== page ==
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3 of 3 people found the following review helpful
5.0 out of 5 stars Phenomenal book - prescient, insightful and ultimately hopeful, 7 Feb 2011
This review is from: The Cancer Stage of Capitalism: And Its Cure (Paperback)
If you're anything like me you might consider "CANCER" to be "a bit much" of a metaphor to describe the global value system disorder that is most quickly described as the preference of capital growth over preservations of social life systems. However, McMurtry carefully walks the reader through an exact, sometimes very verbose, but ultimately insightful dissection (pun intended) of the market system through the lens of a medical comparison (with the help of his brother Robert, who is a medical doctor.)

The author points out that, while a medical comparison system may be stretching it a bit, in fact our medical lexicon is informed a priori by the social establishment (the word "consumption" underlines this - it being formerly the word used for Tuberculosis, because of the underlying process that ultimately undermines the body's system of operation.)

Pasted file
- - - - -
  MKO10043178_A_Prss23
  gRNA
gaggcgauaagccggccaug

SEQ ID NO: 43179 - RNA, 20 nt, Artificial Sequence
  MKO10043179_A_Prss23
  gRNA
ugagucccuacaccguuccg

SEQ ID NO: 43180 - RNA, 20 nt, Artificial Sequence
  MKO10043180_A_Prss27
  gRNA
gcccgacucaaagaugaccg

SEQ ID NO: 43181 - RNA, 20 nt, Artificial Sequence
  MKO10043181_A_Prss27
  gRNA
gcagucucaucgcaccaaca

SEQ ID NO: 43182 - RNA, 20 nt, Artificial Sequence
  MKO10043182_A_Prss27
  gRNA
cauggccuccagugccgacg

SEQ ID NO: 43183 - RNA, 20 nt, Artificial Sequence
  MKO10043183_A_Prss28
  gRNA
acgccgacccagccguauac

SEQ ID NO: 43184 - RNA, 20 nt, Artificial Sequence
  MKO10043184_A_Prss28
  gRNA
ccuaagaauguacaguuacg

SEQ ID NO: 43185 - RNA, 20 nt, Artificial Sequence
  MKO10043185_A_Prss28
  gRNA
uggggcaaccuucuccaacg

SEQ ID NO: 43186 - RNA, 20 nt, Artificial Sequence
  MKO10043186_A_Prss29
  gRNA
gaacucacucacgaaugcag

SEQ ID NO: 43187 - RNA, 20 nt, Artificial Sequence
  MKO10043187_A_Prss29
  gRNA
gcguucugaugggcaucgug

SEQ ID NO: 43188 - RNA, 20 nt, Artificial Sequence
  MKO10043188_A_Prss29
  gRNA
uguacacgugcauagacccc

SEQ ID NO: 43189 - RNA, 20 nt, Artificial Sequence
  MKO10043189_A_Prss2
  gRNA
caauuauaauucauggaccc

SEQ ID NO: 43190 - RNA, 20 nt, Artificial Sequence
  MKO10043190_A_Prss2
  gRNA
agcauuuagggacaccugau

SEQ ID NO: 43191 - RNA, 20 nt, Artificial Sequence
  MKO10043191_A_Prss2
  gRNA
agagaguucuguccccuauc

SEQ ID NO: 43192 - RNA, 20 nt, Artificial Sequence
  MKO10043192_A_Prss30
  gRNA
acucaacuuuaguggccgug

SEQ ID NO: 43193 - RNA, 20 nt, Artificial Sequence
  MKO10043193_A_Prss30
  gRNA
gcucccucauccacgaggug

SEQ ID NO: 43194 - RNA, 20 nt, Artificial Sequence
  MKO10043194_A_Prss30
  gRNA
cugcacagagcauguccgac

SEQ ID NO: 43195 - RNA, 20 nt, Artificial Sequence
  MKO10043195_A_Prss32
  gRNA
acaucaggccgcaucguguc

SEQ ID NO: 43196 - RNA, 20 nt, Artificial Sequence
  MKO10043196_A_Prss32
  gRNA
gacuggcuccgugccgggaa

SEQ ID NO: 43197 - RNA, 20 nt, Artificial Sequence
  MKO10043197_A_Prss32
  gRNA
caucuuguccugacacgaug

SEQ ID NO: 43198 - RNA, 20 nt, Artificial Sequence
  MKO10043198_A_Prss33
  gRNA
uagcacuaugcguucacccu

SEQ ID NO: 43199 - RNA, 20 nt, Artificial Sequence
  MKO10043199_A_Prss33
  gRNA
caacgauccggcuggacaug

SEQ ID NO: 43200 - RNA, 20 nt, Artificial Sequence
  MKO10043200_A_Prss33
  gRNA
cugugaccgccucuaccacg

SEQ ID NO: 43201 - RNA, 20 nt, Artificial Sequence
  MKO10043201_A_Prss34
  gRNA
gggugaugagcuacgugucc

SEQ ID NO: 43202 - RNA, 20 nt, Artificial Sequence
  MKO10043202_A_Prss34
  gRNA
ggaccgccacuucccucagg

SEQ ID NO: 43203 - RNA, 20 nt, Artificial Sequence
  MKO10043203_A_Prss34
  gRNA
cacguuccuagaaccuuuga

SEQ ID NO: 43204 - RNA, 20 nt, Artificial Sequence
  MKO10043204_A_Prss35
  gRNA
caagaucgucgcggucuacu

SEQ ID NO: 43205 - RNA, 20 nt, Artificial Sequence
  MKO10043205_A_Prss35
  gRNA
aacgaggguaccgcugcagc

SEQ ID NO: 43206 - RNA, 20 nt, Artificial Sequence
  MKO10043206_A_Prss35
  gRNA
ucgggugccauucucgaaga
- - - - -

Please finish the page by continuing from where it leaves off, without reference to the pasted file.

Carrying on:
There are 5 or 6 "Ah-ha" moments per page. Do not underline the things you find insightful - you will underline the entire book.

I disagree with McMurtry on his solution - which is to put into full force the human rights and environmental rights bills we have drafted - quite clearly the predominant system prevents such behaviour - for me, as with an increasing number of people, there seems to be no solution other than the complete reorientation of global culture to one not operating on exchange, consumption and the cyclical profit economy that is the only viable solution on a planet of mostly finite resources.

A wonderful read - and highly rewarding. McMurtry will be one day remembered as the modern age's true economical philosopher.
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The Cancer Stage of Capitalism: And Its Cure
The Cancer Stage of Capitalism: And Its Cure by John McMurtry (Paperback - 20 Dec 1998)